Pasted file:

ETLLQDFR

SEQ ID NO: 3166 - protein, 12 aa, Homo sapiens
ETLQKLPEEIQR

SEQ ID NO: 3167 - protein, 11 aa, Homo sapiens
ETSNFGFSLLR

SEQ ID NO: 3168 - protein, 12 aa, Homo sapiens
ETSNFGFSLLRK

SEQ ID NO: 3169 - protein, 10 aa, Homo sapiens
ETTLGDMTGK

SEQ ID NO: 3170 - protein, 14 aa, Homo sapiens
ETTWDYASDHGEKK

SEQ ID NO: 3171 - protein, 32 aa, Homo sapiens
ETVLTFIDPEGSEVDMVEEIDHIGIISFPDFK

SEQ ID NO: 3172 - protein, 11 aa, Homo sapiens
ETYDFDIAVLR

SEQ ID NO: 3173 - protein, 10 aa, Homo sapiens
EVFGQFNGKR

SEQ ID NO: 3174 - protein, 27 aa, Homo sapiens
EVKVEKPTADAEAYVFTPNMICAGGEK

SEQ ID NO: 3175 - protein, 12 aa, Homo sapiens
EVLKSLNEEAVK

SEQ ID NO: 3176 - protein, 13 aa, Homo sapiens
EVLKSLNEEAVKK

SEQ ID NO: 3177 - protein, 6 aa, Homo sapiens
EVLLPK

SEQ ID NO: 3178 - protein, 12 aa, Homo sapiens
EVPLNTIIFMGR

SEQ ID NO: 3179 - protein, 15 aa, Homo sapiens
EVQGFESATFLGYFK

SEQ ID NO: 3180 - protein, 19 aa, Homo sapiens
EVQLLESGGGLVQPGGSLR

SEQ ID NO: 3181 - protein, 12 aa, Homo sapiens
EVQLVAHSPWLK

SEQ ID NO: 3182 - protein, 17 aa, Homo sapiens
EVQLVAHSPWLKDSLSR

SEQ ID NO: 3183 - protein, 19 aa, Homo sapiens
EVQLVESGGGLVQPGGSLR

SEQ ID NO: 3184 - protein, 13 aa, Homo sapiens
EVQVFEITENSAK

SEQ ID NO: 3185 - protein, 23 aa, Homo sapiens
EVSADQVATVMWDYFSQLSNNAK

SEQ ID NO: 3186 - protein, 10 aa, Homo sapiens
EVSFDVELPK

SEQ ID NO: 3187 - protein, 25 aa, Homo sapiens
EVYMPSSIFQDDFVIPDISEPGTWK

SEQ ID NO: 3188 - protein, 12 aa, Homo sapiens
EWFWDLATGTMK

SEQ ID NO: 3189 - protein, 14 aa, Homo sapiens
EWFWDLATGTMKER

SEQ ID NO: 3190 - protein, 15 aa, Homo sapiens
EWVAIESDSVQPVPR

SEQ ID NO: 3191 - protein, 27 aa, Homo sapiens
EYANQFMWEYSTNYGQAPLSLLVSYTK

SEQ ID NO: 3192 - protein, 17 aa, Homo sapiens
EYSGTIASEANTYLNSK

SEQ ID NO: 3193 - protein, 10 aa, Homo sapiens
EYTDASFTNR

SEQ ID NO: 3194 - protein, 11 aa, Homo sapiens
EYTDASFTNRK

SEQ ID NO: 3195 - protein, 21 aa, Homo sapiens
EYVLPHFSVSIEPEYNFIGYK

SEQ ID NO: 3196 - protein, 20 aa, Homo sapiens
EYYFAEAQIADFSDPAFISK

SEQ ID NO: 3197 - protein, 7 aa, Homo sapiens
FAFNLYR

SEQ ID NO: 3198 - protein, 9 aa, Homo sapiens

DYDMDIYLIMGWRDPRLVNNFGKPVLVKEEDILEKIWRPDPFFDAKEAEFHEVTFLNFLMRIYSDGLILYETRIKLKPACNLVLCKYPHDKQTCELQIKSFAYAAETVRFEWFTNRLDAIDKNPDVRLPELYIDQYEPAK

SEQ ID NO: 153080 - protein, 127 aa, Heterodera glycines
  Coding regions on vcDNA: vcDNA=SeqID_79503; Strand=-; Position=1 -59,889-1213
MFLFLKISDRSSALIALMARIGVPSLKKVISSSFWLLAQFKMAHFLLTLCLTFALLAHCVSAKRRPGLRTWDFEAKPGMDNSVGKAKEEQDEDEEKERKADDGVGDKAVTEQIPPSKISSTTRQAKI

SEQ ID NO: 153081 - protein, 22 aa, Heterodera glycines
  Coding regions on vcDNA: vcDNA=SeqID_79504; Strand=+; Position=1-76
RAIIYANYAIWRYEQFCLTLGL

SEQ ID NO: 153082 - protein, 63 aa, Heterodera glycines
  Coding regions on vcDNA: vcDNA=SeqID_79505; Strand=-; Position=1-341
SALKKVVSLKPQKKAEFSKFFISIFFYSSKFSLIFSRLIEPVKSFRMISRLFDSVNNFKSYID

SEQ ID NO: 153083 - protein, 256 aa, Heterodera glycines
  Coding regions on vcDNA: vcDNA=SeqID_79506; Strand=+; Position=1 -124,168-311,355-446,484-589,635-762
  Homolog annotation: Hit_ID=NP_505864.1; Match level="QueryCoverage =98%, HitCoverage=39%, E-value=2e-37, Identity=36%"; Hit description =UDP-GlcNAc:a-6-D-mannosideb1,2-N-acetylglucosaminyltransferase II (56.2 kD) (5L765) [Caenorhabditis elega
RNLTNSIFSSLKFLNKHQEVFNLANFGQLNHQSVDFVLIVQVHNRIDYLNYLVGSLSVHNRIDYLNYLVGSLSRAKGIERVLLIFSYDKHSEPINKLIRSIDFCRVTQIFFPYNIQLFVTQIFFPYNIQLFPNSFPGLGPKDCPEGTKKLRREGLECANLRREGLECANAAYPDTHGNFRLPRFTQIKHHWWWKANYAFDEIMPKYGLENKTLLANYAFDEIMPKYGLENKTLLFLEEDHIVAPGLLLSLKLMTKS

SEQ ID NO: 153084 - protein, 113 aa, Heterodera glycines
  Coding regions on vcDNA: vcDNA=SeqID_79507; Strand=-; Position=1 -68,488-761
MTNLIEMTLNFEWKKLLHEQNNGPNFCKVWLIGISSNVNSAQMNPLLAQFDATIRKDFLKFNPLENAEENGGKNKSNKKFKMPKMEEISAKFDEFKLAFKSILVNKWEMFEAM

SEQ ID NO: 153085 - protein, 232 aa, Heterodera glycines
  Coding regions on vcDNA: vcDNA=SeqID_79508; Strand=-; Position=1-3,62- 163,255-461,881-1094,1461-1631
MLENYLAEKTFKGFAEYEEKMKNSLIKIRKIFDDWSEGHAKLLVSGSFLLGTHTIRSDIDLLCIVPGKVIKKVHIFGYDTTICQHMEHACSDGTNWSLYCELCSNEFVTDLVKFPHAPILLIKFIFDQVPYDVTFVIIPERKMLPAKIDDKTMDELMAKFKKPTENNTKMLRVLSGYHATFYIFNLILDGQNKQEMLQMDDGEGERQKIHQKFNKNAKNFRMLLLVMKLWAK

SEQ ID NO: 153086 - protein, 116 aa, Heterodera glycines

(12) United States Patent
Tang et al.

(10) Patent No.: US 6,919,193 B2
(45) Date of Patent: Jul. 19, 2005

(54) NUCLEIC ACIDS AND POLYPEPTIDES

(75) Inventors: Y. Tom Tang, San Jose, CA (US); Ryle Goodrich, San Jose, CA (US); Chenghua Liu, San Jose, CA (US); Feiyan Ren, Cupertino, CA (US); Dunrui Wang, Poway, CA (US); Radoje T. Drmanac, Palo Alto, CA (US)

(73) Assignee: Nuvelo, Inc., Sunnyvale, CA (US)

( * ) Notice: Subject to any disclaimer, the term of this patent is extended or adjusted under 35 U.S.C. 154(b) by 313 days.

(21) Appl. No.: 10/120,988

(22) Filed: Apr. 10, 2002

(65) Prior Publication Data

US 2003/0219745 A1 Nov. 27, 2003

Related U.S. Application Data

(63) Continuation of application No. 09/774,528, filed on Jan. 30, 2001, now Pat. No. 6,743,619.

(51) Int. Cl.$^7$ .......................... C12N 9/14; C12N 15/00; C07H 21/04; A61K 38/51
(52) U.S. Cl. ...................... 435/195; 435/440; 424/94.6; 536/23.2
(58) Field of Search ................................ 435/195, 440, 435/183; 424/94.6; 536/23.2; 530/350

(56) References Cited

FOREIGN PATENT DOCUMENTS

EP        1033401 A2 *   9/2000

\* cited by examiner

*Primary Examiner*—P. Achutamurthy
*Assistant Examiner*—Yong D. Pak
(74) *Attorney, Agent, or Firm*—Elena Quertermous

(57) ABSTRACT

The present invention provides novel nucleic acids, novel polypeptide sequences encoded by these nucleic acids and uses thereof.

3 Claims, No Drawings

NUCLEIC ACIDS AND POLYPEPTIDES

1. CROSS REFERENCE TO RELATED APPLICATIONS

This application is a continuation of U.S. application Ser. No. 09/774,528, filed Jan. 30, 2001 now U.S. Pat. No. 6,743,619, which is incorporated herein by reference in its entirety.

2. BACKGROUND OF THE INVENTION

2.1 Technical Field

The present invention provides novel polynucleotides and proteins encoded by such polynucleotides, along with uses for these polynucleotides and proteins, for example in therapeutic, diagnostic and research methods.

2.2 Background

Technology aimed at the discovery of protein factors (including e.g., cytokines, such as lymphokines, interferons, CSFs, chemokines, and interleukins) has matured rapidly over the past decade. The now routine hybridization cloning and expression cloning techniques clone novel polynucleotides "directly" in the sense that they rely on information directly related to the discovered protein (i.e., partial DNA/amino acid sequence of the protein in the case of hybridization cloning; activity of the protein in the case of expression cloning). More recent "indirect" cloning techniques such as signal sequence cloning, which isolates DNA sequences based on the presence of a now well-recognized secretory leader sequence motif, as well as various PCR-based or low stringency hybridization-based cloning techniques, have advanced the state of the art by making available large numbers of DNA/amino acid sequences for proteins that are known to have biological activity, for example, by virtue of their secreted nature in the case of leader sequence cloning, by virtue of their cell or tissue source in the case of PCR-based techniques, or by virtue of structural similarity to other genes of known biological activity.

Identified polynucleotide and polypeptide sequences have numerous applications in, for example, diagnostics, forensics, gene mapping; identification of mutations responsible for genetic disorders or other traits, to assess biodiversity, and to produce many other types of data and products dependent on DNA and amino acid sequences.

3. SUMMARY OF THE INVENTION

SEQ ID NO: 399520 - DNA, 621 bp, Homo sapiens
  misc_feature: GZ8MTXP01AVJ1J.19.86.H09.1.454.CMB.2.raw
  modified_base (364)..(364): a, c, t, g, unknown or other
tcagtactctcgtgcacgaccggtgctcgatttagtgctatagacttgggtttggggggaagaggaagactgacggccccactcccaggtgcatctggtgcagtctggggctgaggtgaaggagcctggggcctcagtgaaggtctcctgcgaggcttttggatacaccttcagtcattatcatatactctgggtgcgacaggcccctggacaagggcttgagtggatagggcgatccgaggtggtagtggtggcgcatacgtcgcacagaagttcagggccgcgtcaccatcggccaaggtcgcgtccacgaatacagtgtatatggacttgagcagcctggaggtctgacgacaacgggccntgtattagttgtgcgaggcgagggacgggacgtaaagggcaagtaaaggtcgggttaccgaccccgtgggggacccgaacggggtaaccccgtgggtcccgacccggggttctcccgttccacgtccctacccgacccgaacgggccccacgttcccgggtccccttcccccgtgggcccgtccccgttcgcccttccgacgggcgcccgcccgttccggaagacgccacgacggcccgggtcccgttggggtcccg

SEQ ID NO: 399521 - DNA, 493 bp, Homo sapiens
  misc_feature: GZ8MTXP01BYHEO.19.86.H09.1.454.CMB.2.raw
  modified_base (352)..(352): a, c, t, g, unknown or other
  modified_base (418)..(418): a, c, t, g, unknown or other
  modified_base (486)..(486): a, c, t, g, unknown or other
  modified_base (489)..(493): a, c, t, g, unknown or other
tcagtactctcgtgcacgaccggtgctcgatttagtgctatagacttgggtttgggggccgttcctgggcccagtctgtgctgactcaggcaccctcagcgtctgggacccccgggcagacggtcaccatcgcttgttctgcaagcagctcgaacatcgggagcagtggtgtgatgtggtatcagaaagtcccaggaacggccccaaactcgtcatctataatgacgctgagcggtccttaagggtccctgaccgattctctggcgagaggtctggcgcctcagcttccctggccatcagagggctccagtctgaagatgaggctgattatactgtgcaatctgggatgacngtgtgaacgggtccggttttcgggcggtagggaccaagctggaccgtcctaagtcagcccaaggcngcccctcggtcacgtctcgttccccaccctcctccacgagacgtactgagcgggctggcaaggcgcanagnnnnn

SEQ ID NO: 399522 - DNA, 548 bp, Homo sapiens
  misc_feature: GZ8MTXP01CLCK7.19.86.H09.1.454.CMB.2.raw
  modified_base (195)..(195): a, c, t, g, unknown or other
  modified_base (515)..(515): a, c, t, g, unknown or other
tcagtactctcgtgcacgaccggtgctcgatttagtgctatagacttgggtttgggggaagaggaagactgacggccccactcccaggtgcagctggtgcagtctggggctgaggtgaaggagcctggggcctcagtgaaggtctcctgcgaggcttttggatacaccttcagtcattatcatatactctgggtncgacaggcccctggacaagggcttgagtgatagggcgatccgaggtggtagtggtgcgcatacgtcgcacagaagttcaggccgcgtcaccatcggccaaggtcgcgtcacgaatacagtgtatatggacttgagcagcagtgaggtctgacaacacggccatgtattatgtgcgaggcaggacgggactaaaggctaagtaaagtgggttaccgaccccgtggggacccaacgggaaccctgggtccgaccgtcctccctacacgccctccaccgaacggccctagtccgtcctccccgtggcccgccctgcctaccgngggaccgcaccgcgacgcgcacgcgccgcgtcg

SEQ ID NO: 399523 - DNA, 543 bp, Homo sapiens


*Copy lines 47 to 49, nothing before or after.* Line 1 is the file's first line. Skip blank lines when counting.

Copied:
EWFWDLATGTMK

SEQ ID NO: 3189 - protein, 14 aa, Homo sapiens
EWFWDLATGTMKER